In one constructional form of the invention the silo includes an upright cylindrical wall portion and an upright internal partition dividing the interior of the silo into a first compartment for containing cement/binder and a second compartment for containing sand. In this form of the invention the vibratory screen is located at the lower end of the second compartment and the partition is inclined to the vertical so that the horizontal cross-sectional area of the second compartment increased downwardly over at least part of the height of the cylindrical wall portion.
To promote flow of sand, the silo can further comprise a sand deflector which is mounted on the partition at a level above the screen, the deflector comprising a plate which slopes downwardly from the partition and overhangs the screen.
According to another aspect of the present invention, there is provided a truck including a lifting gear for a silo, the lifting gear comprising a main frame which is pivotally mounted on the rear of the truck's chassis for swinging movement about a transverse horizontal axis, a sub-frame carried by and telescopic with respect to said main frame, swinging means for swinging the frames about the transverse horizontal axis between a horizontal position in which the frames overlie the chassis and an upright position in which the frames are disposed rearwardly of the chassis, displacing means for displacing the sub-frame vertically with respect to the main frame while the main frame is in its upright position and two formations which are carried by the sub-frame and are vertically spaced while the sub-frame is upright, the formations serving to engage with and locate a silo both while the sub-frame is being moved vertically with respect to the main frame and while the sub-frame and main frame are being displaced about the axis.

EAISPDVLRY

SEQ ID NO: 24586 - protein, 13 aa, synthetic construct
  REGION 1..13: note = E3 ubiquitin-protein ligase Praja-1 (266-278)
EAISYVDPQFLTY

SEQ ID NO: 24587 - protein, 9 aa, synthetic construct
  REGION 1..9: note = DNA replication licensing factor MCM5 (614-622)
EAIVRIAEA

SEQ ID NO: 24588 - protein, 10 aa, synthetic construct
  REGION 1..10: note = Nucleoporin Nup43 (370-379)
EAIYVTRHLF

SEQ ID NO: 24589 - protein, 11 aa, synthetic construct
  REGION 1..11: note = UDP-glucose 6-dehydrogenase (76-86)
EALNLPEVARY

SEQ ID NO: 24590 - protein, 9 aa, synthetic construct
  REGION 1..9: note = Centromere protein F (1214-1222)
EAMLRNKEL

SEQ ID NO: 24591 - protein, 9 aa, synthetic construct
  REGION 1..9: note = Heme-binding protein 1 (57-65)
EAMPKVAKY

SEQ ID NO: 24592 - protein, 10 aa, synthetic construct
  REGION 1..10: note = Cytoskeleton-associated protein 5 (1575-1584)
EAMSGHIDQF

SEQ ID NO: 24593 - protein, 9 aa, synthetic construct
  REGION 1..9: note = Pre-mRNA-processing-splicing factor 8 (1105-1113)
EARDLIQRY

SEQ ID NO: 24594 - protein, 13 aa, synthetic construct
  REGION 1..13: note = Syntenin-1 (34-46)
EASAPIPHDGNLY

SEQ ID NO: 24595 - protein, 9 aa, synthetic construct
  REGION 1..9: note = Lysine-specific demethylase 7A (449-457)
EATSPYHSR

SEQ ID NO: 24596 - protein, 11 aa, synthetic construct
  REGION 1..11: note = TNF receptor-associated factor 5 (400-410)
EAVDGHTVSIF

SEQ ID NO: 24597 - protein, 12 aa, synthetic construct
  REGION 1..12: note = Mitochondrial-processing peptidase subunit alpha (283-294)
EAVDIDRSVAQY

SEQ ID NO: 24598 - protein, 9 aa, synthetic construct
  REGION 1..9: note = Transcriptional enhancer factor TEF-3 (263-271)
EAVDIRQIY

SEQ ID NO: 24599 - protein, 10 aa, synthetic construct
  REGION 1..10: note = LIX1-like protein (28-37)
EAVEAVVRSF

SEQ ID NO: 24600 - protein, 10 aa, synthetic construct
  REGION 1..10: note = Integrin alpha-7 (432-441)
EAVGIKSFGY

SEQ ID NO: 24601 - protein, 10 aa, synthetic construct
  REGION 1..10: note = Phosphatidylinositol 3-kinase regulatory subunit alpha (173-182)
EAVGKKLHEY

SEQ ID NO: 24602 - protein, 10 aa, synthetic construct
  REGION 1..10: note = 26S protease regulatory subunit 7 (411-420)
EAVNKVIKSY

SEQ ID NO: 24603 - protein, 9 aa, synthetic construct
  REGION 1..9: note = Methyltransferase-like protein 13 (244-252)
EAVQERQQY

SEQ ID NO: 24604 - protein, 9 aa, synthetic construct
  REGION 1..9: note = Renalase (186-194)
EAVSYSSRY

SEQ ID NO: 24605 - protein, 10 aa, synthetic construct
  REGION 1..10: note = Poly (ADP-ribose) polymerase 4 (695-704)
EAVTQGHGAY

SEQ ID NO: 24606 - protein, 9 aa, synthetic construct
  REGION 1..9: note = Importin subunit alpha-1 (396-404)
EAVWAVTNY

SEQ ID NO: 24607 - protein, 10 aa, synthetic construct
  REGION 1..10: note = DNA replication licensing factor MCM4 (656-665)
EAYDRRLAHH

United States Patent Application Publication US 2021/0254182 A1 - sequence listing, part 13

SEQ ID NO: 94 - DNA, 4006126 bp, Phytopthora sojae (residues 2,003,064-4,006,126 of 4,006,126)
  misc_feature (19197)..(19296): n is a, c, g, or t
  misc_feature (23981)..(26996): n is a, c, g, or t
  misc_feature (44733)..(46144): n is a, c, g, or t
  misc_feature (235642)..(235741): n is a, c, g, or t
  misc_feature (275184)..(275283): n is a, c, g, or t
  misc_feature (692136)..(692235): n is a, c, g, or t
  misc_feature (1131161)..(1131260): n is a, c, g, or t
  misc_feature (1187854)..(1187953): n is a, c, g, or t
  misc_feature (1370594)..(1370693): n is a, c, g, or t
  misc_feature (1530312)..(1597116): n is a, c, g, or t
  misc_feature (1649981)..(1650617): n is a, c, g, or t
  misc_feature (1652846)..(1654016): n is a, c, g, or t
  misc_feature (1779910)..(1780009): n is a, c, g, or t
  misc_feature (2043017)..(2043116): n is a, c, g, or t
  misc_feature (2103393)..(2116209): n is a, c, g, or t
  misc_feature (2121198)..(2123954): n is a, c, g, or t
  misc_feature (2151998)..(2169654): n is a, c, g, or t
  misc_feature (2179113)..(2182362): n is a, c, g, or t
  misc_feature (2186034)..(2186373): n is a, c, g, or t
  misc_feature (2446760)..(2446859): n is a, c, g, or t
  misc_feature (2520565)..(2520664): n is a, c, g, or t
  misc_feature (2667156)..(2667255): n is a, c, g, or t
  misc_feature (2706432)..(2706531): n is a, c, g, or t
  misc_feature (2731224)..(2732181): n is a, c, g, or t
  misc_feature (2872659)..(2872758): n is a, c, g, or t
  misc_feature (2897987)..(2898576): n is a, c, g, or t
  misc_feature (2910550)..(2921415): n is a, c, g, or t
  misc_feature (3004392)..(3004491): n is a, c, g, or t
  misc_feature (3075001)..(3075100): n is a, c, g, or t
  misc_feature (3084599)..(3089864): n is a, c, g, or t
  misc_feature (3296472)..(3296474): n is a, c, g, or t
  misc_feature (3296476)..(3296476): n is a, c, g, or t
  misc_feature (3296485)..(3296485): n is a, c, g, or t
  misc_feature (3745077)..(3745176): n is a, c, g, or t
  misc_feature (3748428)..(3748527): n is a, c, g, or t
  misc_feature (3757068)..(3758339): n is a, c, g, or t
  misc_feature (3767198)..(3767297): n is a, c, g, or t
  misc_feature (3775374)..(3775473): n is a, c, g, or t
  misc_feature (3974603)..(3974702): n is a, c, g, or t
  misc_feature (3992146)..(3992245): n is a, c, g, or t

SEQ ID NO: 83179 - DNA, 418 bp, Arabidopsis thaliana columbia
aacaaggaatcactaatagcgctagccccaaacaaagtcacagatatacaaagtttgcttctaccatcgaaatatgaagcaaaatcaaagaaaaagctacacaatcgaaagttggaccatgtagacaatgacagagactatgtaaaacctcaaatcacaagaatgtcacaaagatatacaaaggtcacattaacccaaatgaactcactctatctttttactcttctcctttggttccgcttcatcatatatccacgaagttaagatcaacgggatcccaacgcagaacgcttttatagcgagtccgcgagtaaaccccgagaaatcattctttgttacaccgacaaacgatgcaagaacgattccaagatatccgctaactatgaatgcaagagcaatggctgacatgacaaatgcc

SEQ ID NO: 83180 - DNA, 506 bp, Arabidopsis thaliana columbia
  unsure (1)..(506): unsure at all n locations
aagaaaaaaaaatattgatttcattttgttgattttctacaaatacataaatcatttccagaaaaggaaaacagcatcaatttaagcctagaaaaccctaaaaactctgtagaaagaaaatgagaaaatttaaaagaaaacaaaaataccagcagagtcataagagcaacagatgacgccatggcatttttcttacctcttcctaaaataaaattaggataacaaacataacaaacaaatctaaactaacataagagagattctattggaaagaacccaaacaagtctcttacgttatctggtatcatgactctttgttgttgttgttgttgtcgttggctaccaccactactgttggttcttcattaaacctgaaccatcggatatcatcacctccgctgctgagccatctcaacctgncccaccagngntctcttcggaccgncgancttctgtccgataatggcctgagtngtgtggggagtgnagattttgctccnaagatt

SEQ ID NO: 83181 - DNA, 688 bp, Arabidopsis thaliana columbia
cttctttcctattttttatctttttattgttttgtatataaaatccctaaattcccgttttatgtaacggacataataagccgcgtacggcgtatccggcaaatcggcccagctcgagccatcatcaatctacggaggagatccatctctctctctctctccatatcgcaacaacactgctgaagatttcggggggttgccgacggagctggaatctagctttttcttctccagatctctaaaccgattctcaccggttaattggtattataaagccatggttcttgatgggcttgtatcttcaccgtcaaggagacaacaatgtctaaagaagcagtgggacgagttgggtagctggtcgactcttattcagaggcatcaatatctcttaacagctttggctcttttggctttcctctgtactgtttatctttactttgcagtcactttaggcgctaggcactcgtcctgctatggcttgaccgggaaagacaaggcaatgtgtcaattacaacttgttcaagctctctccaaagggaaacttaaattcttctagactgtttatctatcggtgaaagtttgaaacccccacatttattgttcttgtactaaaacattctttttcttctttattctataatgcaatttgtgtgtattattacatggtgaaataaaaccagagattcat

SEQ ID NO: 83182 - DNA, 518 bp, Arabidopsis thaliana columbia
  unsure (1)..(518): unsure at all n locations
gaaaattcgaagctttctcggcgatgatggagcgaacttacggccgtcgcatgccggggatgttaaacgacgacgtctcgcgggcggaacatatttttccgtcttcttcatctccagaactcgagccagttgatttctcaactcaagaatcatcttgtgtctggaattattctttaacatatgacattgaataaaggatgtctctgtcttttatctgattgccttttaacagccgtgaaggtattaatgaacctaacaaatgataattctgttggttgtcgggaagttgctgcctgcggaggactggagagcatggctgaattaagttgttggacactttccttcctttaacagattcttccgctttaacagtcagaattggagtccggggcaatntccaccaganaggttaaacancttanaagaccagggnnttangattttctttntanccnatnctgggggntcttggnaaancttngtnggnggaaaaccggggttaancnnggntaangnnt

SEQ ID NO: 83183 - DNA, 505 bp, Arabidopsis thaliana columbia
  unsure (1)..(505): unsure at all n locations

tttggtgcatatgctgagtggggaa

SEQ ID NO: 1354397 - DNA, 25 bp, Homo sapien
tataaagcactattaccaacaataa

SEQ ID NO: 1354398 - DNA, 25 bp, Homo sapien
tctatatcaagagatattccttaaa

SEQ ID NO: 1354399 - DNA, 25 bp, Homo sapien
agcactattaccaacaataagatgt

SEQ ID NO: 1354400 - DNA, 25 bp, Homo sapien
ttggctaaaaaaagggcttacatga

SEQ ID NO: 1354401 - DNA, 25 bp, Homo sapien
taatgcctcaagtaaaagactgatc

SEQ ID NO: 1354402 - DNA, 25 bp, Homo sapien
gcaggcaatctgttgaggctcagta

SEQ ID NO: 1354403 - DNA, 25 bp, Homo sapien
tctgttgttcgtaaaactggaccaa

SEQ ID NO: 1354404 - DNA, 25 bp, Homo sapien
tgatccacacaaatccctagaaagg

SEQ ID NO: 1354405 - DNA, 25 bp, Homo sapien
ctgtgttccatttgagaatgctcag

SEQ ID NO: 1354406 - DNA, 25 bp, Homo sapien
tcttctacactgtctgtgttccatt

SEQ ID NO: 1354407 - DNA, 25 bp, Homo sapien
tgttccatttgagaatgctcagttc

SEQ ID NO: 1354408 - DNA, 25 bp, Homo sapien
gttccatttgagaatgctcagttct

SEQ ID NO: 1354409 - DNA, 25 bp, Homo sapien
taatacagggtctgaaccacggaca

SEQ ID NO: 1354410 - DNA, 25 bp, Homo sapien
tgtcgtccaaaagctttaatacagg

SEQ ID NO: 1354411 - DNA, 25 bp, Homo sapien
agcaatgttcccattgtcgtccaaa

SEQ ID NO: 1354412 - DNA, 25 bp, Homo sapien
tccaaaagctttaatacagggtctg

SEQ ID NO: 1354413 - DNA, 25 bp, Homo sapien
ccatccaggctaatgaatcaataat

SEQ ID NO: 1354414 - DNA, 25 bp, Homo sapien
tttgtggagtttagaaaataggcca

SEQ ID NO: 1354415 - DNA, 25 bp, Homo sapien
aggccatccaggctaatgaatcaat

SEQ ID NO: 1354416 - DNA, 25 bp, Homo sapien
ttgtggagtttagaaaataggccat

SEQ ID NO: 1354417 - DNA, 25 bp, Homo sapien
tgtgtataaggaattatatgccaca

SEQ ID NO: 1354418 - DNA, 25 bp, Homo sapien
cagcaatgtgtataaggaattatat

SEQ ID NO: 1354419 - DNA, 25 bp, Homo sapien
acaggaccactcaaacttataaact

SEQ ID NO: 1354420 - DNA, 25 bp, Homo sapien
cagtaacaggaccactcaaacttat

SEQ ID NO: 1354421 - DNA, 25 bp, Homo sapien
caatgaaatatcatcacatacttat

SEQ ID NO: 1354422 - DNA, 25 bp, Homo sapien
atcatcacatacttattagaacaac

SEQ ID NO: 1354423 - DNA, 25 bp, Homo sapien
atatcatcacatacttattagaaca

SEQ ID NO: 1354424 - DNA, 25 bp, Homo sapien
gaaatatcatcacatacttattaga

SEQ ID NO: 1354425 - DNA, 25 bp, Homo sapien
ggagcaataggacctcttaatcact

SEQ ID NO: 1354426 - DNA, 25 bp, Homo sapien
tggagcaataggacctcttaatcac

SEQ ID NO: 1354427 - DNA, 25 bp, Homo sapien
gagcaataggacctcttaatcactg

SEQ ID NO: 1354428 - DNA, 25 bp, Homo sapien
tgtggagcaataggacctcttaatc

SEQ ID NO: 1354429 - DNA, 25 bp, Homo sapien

In a preferred form of the invention the formation which is uppermost when the sub-frame is upright comprises an upwardly open pocket, and the lowermost formation comprises a downwardly open pocket.
The means for displacing the sub-frame with respect to the main frame can comprise an hydraulic cylinder connected between the sub-frame and the main frame and extending along the central longitudinal axis of said truck. It is preferred that the means for swinging the frames comprise a pair of hydraulic cylinders which are mounted outwardly of said main frame, the main frame including a pair of brackets which protrude downwardly therefrom and to which the rods of said cylinders are pivotally connected and there being brackets secured to the bodies of said cylinders and extending downwardly therefrom, these brackets being pivotally mounted on the chassis of said vehicle, the horizontal axis about which said rods are pivotal with respect to the first mentioned brackets being above the horizontal axis about which the second mentioned brackets are pivotal with respect to the vehicle chassis.